|2D a*b* Gamut (S = 1)
2D Gamut map on the a*b* plane. Shows the input and output gamut for the S=1 (maximum saturation) pattern for L = [0.1, 0.3, 0.5, 0.7, 0.9].
|3D L*a*b* Reversed (wire output) (S ≤ 1)|
|2D a*b* Saturation (L(HSL) constant)
Shows the input and output gamut response for saturation levels S = [0, 0.2, 0.4, 0.6, 0.8, 1] for fixed values of L(HSL). L has a default value of 0.5 (where colors are the most saturated), but can be set to any value between 0.05 and 0.95. This is an excellent representation of a printer's color response.
|2D a*b* Color difference (L(HSL) constant)
Shows the perceptual difference between the input and output gamuts at saturation levels S = [0, 0.2, 0.4, 0.6, 0.8, 1] using fixed values of L(HSL) between 0.05 and 0.95 (default = 0.5). Metrics include ΔE*ab, ΔC*ab, ΔE*94, ΔC*94, ΔE*CMC, ΔC*CMC, ΔL*, ΔChroma, ΔHue angle, and Δ|Hue distance|.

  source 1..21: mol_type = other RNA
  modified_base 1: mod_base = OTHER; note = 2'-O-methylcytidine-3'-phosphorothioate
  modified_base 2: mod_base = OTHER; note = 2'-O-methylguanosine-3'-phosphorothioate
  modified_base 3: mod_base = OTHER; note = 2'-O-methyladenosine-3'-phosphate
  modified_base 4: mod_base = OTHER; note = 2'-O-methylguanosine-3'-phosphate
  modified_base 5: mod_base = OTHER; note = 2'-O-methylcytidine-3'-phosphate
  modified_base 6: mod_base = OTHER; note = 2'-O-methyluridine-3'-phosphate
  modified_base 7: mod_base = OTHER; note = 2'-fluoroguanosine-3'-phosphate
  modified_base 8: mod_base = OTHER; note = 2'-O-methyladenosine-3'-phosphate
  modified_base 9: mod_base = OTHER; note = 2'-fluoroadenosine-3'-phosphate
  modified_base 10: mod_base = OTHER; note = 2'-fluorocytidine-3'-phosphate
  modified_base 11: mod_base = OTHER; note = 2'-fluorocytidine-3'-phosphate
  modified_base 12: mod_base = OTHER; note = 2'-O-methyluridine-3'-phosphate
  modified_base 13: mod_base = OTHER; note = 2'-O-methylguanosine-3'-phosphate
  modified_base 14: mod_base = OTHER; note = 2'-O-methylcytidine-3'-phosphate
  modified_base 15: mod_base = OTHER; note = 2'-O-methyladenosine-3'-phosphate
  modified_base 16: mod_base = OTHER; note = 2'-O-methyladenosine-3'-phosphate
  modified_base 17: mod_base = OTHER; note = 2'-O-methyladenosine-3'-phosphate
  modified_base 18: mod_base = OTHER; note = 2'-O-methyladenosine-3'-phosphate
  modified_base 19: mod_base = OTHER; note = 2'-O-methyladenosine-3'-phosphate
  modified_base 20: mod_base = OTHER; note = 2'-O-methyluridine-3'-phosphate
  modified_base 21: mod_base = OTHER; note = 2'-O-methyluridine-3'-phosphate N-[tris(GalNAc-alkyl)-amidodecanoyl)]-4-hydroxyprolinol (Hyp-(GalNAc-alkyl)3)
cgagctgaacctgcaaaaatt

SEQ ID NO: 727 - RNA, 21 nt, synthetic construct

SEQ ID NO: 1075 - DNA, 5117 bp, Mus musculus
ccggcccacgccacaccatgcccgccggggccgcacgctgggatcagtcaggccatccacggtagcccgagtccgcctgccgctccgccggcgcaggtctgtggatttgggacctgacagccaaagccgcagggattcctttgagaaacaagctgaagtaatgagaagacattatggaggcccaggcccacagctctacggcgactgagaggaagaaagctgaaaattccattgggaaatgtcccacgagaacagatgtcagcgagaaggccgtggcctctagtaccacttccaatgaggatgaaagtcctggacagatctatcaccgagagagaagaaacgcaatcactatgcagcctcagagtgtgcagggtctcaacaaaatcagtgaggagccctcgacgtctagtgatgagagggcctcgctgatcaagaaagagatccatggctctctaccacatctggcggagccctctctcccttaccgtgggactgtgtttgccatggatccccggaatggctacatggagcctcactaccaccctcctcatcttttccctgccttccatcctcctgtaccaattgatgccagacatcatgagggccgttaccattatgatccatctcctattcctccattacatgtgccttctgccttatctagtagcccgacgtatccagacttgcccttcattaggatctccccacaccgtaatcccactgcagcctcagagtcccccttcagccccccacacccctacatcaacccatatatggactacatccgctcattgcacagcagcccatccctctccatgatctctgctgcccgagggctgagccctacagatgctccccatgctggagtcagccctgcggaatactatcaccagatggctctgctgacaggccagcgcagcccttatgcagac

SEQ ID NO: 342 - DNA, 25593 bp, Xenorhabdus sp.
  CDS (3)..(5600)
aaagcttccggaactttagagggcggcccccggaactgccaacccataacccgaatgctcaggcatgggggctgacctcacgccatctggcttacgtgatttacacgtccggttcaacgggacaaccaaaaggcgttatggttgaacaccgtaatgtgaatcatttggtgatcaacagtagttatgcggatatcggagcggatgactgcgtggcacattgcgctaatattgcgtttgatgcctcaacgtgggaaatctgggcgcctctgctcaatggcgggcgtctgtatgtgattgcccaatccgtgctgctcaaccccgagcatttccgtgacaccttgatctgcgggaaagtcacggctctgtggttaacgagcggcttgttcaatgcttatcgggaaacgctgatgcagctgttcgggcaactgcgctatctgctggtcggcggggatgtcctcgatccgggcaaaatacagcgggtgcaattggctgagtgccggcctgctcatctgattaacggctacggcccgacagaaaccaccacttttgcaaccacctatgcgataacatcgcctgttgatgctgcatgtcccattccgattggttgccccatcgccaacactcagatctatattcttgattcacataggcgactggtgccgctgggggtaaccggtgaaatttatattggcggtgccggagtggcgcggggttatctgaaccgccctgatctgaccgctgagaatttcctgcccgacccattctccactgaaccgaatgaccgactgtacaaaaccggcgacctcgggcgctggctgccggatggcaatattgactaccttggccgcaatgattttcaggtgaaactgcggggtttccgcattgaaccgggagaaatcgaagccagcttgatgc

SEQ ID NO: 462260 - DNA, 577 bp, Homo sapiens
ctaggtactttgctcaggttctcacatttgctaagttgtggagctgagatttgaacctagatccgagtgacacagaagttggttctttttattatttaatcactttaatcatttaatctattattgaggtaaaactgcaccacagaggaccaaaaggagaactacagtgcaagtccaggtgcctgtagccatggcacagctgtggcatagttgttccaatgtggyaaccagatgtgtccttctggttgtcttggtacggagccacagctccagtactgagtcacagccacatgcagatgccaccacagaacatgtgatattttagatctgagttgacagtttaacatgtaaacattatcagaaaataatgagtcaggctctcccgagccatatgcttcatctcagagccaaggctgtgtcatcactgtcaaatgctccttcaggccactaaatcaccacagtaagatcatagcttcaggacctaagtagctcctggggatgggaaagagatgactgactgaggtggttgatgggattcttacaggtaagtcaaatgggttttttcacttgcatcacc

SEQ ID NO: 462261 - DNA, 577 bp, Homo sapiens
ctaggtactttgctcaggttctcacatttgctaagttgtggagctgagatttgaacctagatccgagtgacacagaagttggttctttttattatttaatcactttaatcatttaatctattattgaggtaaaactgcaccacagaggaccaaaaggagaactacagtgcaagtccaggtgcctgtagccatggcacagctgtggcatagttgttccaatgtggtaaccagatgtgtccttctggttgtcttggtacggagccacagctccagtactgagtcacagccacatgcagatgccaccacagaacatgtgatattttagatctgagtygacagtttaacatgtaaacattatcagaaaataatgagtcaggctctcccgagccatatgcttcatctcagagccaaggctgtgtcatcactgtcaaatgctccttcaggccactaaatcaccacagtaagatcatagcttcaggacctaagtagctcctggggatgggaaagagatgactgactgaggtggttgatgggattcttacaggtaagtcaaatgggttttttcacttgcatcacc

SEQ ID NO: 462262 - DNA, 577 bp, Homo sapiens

|3D/2D HL Color difference (S ≤ 1)
Detailed 3D or 2D plots of the perceptual differences between the input and output gamut boundaries (saturation S = 1), with the option of reducing S to display the interior of the gamut volume. Metrics include ΔE*ab, ΔC*ab, ΔE*94, ΔC*94, ΔE*CMC, ΔC*CMC, ΔL*, ΔChroma, ΔHue angle, and Δ|Hue distance|. Input and output Lightness (L*) and Chroma (c*) can also be displayed.
|xy Chromaticity (L(HSL)=0.5)
CIE 1931 xy Chromaticity pattern. L(HSL)=0.5 pattern. Shown with gamuts for S = [0, 0.2, 0.4, 0.6, 0.8, 1]. Familiar but not perceptually uniform: greens are greatly exaggerated.